In probability theory, I'm familiar with the definition of the expectation value of a random variable $X \colon \Omega \rightarrow \mathbb{R}$ being:

$$ \langle X\rangle= \int_{-\infty}^{\infty} x f_X(x) dx $$

where $f_X(x)$ is the probability density function of $X$. I'm currently learning QM and I keep seeing quantities in the format: $\langle\frac{\partial X}{\partial t}\rangle$. (Such as in Ehrenfest's theorem, where the RHS includes $ \langle V'(x)\rangle$.) I'm not sure how taking the derivative of a random variable mathematically makes sense. The domain of a random variable is the sample space, so what does its derivative even mean?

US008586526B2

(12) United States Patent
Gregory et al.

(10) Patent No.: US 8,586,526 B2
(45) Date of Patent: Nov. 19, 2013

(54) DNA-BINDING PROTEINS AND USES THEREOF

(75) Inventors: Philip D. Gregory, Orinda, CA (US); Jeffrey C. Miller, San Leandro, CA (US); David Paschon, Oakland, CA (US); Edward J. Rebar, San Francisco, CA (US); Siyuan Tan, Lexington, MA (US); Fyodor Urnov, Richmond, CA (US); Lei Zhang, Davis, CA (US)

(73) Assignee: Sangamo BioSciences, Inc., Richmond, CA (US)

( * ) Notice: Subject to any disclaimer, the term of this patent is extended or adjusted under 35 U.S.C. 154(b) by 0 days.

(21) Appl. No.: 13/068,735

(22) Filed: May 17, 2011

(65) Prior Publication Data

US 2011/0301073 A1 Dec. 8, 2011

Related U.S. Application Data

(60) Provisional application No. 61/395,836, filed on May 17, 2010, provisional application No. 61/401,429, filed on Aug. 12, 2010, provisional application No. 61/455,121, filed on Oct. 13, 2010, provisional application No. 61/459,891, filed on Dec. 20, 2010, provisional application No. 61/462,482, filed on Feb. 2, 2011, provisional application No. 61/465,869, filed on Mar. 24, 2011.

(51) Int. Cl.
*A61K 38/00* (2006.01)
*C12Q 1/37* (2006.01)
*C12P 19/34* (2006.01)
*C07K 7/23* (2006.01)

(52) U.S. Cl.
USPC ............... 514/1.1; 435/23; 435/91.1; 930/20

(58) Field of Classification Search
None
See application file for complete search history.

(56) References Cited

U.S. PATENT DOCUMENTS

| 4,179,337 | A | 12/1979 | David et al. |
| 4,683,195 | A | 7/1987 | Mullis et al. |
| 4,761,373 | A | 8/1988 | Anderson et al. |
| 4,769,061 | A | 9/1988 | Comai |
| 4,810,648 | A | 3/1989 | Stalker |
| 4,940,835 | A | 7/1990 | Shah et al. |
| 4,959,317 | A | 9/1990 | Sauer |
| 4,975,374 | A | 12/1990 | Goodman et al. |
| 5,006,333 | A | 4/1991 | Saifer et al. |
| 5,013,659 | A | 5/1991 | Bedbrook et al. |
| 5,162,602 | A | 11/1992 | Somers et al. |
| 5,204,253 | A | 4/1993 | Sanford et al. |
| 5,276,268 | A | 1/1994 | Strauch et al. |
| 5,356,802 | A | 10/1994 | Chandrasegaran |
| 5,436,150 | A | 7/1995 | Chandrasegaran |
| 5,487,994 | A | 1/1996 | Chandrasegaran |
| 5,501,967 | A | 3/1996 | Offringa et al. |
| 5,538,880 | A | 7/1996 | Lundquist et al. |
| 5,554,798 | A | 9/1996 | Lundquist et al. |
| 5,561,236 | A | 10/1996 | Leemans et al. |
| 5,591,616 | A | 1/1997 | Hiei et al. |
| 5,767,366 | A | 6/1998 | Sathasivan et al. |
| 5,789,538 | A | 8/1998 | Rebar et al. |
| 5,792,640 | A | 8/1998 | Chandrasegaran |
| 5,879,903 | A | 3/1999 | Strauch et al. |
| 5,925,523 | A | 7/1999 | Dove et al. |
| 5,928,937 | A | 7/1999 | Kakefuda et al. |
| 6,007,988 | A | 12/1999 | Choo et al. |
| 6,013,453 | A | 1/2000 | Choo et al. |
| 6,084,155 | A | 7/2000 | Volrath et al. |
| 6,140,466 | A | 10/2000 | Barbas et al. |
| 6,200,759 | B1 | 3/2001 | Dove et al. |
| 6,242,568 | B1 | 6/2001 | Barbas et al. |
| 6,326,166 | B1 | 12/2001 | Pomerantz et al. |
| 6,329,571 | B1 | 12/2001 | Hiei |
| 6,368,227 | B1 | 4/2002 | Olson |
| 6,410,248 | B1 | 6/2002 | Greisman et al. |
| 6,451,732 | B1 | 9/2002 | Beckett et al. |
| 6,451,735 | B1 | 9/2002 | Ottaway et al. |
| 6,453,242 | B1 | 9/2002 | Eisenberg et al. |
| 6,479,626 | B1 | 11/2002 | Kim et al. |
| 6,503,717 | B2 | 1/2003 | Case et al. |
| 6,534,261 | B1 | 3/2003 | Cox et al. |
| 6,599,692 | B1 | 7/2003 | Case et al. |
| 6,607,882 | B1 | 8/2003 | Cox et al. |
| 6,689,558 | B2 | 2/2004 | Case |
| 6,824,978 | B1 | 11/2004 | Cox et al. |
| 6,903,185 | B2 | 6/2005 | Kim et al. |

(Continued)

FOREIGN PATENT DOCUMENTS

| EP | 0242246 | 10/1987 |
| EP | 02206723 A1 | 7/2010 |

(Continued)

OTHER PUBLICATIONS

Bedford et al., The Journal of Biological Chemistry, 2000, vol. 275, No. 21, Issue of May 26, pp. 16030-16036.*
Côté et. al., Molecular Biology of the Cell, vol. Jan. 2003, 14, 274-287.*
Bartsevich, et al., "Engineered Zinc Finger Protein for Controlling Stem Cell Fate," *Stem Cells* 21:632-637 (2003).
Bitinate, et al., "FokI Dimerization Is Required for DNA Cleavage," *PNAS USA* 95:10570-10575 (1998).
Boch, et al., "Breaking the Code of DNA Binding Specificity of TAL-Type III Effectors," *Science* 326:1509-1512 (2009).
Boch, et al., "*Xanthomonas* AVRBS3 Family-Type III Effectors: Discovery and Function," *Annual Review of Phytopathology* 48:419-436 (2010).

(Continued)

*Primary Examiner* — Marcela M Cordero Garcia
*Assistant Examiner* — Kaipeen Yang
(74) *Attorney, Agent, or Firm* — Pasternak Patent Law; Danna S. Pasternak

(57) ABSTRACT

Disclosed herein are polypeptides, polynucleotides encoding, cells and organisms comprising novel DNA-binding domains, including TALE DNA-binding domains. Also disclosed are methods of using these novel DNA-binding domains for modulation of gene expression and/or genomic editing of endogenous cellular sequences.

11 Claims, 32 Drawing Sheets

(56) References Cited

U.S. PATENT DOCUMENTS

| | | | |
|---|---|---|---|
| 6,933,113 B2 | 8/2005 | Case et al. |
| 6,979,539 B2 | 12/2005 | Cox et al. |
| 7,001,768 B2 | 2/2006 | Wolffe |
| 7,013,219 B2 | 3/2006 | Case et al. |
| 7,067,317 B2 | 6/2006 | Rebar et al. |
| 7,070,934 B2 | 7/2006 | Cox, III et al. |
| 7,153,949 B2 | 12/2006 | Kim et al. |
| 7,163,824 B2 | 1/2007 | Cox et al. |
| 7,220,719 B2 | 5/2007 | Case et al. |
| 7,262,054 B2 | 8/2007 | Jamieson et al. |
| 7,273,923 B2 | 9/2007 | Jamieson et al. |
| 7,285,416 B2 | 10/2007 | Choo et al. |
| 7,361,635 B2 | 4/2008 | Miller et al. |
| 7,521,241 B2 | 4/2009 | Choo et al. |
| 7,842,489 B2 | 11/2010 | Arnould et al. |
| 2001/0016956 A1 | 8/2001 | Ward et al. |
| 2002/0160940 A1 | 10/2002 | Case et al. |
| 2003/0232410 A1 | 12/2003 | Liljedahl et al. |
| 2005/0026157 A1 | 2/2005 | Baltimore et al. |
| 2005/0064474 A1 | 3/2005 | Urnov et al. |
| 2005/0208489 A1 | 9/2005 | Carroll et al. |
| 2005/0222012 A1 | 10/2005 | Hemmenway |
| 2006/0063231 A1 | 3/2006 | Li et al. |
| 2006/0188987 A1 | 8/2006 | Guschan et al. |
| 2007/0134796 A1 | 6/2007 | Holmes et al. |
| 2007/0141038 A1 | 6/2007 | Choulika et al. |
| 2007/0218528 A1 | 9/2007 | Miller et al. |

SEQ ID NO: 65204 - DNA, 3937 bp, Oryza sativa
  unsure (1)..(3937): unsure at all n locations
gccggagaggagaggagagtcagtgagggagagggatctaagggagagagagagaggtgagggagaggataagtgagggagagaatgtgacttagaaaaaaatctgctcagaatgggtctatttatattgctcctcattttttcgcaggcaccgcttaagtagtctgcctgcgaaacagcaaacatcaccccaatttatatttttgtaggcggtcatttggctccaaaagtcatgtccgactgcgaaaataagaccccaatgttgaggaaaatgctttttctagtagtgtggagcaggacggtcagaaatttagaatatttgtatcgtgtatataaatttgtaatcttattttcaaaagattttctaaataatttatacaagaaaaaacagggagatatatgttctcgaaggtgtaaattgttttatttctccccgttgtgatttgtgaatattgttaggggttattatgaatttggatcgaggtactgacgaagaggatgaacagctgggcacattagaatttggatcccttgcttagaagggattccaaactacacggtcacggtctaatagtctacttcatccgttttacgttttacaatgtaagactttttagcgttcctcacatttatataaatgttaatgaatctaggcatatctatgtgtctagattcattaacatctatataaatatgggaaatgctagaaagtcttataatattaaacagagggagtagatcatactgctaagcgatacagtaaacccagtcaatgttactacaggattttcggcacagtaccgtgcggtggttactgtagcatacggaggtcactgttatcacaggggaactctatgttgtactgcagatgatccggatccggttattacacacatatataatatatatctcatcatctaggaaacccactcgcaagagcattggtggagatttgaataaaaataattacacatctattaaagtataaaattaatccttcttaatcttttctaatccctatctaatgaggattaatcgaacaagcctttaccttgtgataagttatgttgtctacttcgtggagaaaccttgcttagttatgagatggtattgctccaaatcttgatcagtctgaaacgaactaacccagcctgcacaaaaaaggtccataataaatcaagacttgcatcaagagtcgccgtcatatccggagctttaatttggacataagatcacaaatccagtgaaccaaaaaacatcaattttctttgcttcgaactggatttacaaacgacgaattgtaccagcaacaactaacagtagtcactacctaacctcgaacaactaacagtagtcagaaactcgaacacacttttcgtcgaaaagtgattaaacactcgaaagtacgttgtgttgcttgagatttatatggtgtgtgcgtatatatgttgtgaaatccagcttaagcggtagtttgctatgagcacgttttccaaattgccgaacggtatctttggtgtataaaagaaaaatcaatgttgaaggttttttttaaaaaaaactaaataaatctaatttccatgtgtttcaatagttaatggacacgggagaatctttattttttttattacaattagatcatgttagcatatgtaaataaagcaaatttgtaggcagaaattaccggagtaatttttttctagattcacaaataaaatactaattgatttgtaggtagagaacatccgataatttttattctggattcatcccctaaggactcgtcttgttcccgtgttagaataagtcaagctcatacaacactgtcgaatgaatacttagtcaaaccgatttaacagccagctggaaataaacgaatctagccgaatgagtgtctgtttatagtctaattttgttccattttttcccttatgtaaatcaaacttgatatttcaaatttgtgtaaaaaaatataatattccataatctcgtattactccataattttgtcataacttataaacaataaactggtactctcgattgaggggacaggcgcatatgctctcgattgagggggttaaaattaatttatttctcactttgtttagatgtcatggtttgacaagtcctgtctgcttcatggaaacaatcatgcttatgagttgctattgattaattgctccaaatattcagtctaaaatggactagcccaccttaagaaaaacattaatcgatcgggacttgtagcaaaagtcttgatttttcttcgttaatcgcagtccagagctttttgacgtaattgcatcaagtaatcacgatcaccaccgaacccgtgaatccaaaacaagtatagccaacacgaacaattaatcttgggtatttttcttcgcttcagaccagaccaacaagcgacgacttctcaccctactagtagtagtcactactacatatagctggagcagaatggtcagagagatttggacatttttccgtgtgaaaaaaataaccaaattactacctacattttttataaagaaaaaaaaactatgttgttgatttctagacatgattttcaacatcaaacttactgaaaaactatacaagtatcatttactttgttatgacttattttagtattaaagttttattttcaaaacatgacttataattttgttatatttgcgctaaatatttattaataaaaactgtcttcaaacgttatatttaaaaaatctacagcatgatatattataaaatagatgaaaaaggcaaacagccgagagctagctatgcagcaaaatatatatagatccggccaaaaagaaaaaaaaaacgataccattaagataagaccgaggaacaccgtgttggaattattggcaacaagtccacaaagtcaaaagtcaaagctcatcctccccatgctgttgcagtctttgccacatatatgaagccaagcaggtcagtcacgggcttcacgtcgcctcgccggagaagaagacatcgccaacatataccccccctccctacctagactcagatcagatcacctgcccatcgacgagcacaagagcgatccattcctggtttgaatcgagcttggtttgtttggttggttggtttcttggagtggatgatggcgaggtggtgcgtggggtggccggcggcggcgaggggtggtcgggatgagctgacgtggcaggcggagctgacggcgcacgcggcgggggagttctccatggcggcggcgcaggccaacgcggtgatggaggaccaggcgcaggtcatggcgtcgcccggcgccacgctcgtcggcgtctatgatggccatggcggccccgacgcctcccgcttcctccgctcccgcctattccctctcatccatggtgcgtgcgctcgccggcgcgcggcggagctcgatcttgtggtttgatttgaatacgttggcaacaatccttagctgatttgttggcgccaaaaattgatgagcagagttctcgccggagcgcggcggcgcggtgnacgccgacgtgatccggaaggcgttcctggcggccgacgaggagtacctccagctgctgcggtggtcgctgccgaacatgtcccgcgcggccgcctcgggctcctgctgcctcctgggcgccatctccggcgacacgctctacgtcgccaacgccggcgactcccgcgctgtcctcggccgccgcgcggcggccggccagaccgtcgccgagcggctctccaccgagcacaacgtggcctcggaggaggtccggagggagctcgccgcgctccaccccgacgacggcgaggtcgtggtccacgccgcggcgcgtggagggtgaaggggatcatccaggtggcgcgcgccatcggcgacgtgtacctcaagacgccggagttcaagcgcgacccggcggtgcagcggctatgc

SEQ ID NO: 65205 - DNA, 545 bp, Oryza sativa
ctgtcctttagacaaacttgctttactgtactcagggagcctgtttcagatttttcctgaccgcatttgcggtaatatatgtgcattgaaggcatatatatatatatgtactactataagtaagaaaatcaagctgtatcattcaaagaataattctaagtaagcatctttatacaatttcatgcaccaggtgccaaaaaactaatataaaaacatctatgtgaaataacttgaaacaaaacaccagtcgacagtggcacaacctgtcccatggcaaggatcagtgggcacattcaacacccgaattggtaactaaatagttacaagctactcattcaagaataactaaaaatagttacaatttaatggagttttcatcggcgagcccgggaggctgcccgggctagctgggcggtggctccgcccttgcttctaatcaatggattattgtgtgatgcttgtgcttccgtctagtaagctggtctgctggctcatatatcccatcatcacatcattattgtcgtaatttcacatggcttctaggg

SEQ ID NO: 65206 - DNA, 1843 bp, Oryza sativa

• $\begingroup$ If $dx/dt$ is velocity and you can measure velocity, then you can have a sample space over $dx/dt$, right? In other words, $dx/dt$ is itself a random variable. $\endgroup$
    – DanielSank
    Feb 24, 2019 at 23:48

1 Answer 1


The symbols like $A$ or $X$ in the Ehrenfest theorem are (usually) not random variables, they are supposed to be linear operators that take one vector to another. Such operators may be functions of time, or not. In either case, the time derivative is defined in the natural way, as a limit of operators

$$ \frac{A(t+\Delta t) - A(t)}{\Delta t} $$ as $\Delta t$ goes to zero.

For example, the Hamiltonian for a particle in external field is

$$ H=-\frac{\hbar^2}{2m}\frac {\partial^2}{\partial x^2} - qE(t)x $$ where $E(t)$ is some function of time (for example, a harmonical oscillation).

The derivative $\partial H/\partial t$ is, by the above definition, the operator

$$ \frac{\partial H}{\partial t} = -qE'(t)x. $$


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